Top U.S. tax issues faced by Canadian businesses today

New U.S. tax reform rules encompass more than simply lower tax rates for businesses and individuals. Further to these changes are new filing requirements for partnerships and the Wayfair case decision, which impact Canadian businesses making sales of products to U.S. customers.

To determine whether your business may be affected by the changes, ask yourself the following questions:

• Does your business have U.S. customers?
• Does your business hold an interest in a U.S. entity?
• Does your business own U.S. assets?
• Has your business sold an interest in a U.S. partnership?
• Does your business have sales in excess of $500,000 in a U.S. state?
• Has your business reorganized their business structure?
• Is your business a partner in a partnership filing a U.S. income tax return?

If you answered yes to any of these questions, it is time to speak with a U.S. Tax Advisor that can identify the impact this new legislation has on you and offer advice on how best to serve them.

Here are some of the Top Issues faced by Canadian business selling into the U.S.:

1.     Federal income tax and tax treaty

Doing business in another jurisdiction will be subject to tax in that jurisdiction.  For the sake of convenience and mutual tax collection, Canada and the U.S. have a treaty in place that reduces the tax liabilities of the other country’s residents.

For example, the withholding tax rate on U.S. interest income is reduced from 30% to 0%.  Also, if you are a Canadian doing business in the U.S. without a fixed place of operation, you are not liable for U.S. federal income tax.

However, just living in Canada or incorporating a company in Canada does not automatically qualify you for benefits under the Canada-U.S. tax treaty.  Your business will still need to file tax returns and forms to take advantage of these benefits.  Additionally, certain entities, such as U.S. limited liability companies (“LLC”) are specifically denied benefits under the treaty.

Sometimes it is not even the tax that is the issue as penalties apply for failing to disclose intercompany cross-border transactions, treaty positions, and other items. The penalties are currently $25,000 per failure, which is not an insignificant amount. While it is possible to appeal the penalties, avoiding them altogether is a whole lot easier.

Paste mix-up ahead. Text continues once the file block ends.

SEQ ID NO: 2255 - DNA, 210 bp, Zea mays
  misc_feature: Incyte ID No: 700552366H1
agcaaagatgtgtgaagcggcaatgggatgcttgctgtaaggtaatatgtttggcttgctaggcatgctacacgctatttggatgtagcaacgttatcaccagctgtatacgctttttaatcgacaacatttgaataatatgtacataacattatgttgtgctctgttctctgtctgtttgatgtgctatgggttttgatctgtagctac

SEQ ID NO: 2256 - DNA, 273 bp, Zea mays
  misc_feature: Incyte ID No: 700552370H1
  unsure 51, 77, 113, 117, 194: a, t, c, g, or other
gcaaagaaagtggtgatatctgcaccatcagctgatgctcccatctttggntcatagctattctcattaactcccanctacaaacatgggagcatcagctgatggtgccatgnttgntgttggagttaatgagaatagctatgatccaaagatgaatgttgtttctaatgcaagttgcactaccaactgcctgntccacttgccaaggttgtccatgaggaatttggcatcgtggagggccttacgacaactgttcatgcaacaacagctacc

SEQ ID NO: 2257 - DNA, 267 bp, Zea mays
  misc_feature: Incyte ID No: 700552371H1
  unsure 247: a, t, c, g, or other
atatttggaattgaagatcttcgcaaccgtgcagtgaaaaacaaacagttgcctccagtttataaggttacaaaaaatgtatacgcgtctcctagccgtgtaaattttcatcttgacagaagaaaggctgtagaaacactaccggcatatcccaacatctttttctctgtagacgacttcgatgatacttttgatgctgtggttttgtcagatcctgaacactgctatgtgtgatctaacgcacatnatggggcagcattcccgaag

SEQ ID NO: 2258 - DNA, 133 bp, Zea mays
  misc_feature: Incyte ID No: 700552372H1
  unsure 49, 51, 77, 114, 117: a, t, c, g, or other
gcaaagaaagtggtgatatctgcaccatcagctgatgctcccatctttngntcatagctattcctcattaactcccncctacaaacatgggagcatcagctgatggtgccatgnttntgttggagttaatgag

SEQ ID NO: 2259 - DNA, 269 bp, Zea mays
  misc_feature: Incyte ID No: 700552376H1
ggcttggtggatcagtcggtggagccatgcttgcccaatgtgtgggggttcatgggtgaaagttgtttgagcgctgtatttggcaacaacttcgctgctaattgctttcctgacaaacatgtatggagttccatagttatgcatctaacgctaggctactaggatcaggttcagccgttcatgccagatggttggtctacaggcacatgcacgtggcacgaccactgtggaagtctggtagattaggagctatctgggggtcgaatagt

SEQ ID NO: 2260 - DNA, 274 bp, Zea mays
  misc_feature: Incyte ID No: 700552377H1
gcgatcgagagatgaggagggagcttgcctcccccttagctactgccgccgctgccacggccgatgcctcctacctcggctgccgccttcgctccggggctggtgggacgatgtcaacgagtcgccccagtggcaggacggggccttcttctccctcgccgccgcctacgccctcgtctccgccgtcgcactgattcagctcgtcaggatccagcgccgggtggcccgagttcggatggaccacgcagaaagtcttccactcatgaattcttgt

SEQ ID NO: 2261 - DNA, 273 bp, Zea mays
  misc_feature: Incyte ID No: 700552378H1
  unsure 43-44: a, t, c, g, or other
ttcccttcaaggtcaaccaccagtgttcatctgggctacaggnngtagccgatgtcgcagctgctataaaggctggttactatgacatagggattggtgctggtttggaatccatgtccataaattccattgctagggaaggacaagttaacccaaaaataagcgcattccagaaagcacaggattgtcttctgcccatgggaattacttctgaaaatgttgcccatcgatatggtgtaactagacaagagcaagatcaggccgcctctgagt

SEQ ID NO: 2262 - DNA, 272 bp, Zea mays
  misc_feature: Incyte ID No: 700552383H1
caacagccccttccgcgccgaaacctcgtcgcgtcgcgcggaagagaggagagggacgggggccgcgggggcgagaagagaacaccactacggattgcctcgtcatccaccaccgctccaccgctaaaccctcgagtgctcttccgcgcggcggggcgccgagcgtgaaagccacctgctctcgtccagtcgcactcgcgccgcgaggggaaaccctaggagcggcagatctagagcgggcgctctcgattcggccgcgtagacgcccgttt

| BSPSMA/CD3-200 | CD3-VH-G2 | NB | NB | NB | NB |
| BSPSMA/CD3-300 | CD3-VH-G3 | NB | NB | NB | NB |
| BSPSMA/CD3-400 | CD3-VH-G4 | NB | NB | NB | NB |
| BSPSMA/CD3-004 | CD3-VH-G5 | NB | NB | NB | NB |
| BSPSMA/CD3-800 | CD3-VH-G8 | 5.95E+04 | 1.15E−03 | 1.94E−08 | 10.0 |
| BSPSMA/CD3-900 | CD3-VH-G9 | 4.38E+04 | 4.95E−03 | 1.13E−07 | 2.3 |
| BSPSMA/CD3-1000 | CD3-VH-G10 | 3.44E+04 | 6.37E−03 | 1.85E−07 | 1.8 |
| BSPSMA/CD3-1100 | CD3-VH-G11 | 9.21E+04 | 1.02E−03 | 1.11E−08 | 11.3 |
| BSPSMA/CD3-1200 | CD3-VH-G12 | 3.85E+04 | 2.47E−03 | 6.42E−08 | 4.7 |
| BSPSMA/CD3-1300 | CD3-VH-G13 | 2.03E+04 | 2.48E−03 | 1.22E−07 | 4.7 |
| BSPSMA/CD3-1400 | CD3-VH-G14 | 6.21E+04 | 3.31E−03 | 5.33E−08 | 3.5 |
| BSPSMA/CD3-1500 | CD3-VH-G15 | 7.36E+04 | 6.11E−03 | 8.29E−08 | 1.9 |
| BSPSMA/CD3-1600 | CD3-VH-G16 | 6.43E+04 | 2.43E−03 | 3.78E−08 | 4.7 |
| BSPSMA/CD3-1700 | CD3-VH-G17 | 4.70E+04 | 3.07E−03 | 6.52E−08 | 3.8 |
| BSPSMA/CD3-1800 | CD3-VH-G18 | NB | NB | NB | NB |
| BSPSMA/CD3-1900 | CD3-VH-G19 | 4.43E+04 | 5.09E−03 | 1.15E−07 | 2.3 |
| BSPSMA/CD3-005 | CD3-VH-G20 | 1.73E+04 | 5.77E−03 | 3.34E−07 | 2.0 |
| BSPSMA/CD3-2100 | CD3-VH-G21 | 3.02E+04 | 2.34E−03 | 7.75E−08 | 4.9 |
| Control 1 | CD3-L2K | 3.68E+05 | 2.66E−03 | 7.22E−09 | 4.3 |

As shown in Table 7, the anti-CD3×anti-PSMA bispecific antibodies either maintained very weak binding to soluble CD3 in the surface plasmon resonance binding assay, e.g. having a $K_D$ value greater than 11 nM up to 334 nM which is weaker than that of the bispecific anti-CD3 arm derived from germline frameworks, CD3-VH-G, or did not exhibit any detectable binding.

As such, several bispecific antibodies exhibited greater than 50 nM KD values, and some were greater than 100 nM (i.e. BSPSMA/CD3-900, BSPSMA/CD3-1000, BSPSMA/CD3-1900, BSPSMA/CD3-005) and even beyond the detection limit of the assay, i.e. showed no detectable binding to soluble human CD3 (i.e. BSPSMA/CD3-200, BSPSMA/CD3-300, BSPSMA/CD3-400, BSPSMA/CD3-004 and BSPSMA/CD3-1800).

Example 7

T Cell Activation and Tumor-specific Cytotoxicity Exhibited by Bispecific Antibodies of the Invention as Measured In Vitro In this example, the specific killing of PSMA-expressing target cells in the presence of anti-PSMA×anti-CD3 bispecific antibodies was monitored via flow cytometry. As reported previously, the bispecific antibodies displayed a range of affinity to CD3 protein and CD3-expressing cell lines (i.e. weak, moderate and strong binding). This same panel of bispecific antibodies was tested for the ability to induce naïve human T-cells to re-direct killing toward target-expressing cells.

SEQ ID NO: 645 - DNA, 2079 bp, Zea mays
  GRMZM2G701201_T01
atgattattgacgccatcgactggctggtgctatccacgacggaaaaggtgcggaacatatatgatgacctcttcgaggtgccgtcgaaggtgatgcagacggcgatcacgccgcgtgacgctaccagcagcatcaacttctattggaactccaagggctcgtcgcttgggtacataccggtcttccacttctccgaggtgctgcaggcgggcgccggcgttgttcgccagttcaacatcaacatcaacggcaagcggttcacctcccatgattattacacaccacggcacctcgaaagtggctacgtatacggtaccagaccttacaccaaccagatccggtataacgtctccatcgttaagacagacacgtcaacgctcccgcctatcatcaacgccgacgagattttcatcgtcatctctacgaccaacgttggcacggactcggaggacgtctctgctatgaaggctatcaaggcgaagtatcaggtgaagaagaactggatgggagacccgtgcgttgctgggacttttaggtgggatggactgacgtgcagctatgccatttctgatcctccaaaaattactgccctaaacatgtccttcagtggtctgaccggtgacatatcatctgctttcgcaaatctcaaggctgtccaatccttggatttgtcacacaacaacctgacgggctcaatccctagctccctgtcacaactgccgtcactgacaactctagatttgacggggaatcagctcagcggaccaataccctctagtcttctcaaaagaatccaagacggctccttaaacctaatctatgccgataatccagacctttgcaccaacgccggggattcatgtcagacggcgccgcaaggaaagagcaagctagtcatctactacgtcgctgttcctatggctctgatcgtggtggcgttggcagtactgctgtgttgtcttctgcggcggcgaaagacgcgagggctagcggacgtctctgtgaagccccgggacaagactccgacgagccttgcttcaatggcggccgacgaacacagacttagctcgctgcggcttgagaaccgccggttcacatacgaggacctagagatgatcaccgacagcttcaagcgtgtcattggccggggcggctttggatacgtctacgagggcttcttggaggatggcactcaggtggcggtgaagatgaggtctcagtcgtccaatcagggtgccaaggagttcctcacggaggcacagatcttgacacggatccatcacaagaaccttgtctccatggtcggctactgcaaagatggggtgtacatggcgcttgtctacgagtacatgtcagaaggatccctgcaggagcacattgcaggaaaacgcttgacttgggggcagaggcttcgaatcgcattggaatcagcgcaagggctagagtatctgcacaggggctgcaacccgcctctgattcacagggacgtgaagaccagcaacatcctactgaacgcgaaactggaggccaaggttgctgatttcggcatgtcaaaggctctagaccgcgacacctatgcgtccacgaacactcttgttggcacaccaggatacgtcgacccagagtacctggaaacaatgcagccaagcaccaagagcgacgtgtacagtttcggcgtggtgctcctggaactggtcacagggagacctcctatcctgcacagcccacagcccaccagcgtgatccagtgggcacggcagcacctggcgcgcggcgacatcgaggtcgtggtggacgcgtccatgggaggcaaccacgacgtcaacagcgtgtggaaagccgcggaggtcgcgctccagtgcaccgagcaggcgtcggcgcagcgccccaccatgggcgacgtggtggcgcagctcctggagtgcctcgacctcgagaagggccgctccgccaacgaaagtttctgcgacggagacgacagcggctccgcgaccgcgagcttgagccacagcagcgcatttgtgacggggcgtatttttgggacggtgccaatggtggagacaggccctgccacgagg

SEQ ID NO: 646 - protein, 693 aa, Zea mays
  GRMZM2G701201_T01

2.     State Income tax

In additional to federal income tax, each state in the U.S. may impose income taxes as well.  Even if your business is free of U.S. federal tax under the treaty, some states like California will still impose income taxes based on your level of activity (“nexus”) in the state.

Some states have a bright line test of $500,000 in sales, $50,000 in payroll, or $50,000 in property in the state.  So, it is quite possible to never have stepped foot in a state and still be liable for taxes there by selling a certain amount to residents in that state or holding inventory there, including in third party warehouses such as an Amazon fulfilment centers.

Software services, such as SAAS, provide additional concerns as states have started imposing income tax on electronic services to state residents even if the services are provided elsewhere.  Some states have even stated that having a website accessible by their state creates nexus.  That is not very practical, of course, and arguably the state would have no way to impose that. However, it gives a sense of how low the threshold is.

An assessment of the potential exposure should be done by an experienced U.S. Tax Advisor to effectively manage the tax or the risk of assessment

3.      State Sales tax / Wayfair case decision

Out of state retailers benefited from the exemption from withholding state sales tax.  However, the recent Wayfair case and changed that.  Most state since have now imposed state sales tax collection and remittance on out of state sellers if the sales into their state consist of over 200 transactions or $100,000 in sales.  The actual thresholds may vary by state.

Next steps

If you answered yes to any of the questions above or are concerned regarding your potential U.S. tax exposure, a U.S. Tax Advisor, such as our team at MNP, can help you to manage or mitigate the tax exposure with an effective corporate structure and satisfaction of the correct tax returns.

 

Dennis Werkman, CPA, CGA, is a Partner in MNP’s Tax Services group in Vancouver. Focused on international tax, Dennis assists private and public corporations in a variety of industries, including real estate, mining and technology, with both inbound and domestic U.S. corporate tax and outbound Canadian corporation tax services. With over 12 years of experience, Dennis is the GCS lead for MNP’s Global Compliance Services, connecting the firm’s clients and affiliated firms with the resources they need for compliance in and out of Canada.